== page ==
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01.12.2015 | Research article | Ausgabe 1/2016 Open Access

BMC Public Health 1/2016

Distribution of genital human papillomavirus genotypes in benign clinical manifestations among men from Northern Spain

BMC Public Health > Ausgabe 1/2016
L. Sara Arroyo, Miren Basaras, Elixabete Arrese, Silvia Hernáez, Valentín Esteban, Ramón Cisterna
Wichtige Hinweise

Competing interests

All authors declare no potential conflicts of interest.

Authors’ contributions

LSA carried out molecular studies analysis, contributed in statistical analysis and interpretation of data, and drafted the manuscript. MB and EA participated in the design of the study and its coordination and have been involved in drafting the manuscript and revising it critically for important intellectual content. SH and VE have made substantial contributions to acquisition of samples, performing molecular studies and have revised the manuscript critically. RC conceived the study, participated in its design and coordination and has given final approval of the version to be published. All authors read and approved the final manuscript.



In the literature, data on the prevalence of human papillomavirus (HPV) infection in men vary significantly and the exact distribution of specific genotypes is still unclear. As infections usually occur without symptoms, men might only attend their hospital clinic when they have a specific concern, being in most cases genital warts (condylomas), which are often caused by low-risk HPV genotypes. The aim of this study was to assess HPV genotype distribution and prevalence among men attending hospital for HPV-associated conditions and to evaluate infection-associated factors.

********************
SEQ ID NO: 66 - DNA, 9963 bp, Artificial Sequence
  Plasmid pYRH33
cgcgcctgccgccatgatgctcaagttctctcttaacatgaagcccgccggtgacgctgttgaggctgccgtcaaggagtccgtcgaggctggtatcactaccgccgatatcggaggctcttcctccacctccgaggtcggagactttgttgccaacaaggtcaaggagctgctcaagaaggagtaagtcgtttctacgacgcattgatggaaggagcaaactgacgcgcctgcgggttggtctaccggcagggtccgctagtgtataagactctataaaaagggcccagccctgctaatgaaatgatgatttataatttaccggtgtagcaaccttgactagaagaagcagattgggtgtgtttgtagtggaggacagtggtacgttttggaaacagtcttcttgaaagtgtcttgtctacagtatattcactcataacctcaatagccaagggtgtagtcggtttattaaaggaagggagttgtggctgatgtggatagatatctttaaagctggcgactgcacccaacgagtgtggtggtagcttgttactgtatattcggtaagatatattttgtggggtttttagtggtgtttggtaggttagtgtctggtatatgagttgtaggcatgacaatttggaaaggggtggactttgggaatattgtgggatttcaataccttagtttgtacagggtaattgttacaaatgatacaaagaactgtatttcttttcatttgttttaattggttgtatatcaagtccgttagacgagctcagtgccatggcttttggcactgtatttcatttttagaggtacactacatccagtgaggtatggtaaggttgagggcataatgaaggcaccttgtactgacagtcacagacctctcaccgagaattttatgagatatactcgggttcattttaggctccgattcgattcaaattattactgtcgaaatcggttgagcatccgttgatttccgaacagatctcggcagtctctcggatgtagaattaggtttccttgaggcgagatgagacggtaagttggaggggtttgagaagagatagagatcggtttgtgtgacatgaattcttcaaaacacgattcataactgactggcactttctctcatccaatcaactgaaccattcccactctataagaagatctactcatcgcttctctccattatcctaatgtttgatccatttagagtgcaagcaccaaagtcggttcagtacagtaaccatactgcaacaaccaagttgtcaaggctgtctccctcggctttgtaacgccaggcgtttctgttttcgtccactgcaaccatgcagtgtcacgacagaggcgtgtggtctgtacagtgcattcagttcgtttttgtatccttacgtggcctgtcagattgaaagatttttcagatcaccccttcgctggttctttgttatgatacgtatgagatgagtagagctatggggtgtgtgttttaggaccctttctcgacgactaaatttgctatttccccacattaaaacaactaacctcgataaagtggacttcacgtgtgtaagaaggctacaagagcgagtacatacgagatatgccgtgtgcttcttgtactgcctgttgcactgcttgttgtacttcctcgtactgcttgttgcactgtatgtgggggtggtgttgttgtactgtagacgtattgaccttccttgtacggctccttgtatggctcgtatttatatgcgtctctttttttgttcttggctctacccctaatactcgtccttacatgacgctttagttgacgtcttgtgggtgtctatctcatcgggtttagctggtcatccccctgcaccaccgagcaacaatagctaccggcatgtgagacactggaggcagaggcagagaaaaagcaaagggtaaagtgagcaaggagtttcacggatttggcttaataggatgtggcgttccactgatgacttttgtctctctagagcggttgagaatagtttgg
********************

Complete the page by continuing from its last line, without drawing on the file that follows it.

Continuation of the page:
Samples from men with clinical manifestations of HPV-related infections seen during 2007–2012 at the Clinical Microbiology and Infectious Control Department at Basurto University Hospital were genotyped using Linear Array HPV Genotyping Test kit (Roche Molecular Diagnostics, Germany). Data on probable risk factors were collected and investigated for possible association.


Of 184 anogenital samples, 138 (75 %) were tested as positive for HPV; 57 (41.3 %) single HPV infections and 81 (58.7 %) multiple infections. Only 45.6 % of HPV-positive samples presented low-risk genotypes 6 or 11, whereas 71/138 (51.4 %) had at least one oncogenic (high-risk) genotype. Oncogenic genotypes and multiple HPV infections were both associated with a higher number of lifetime sexual partners and their incidence appeared to increase with patient age.


Although it is accepted that HPV 6 and 11 genotypes are main causes of condylomas, our findings show a high incidence of multiple infections and high-risk genotypes in men with benign HPV manifestations. The fact that the condyloma is a skin lesion facilitates the entry of virus into cells and thus cancer progression; therefore, monitoring for HPV is important, especially in those patients with high-risk genotypes (regardless of whether they cause condyloma).
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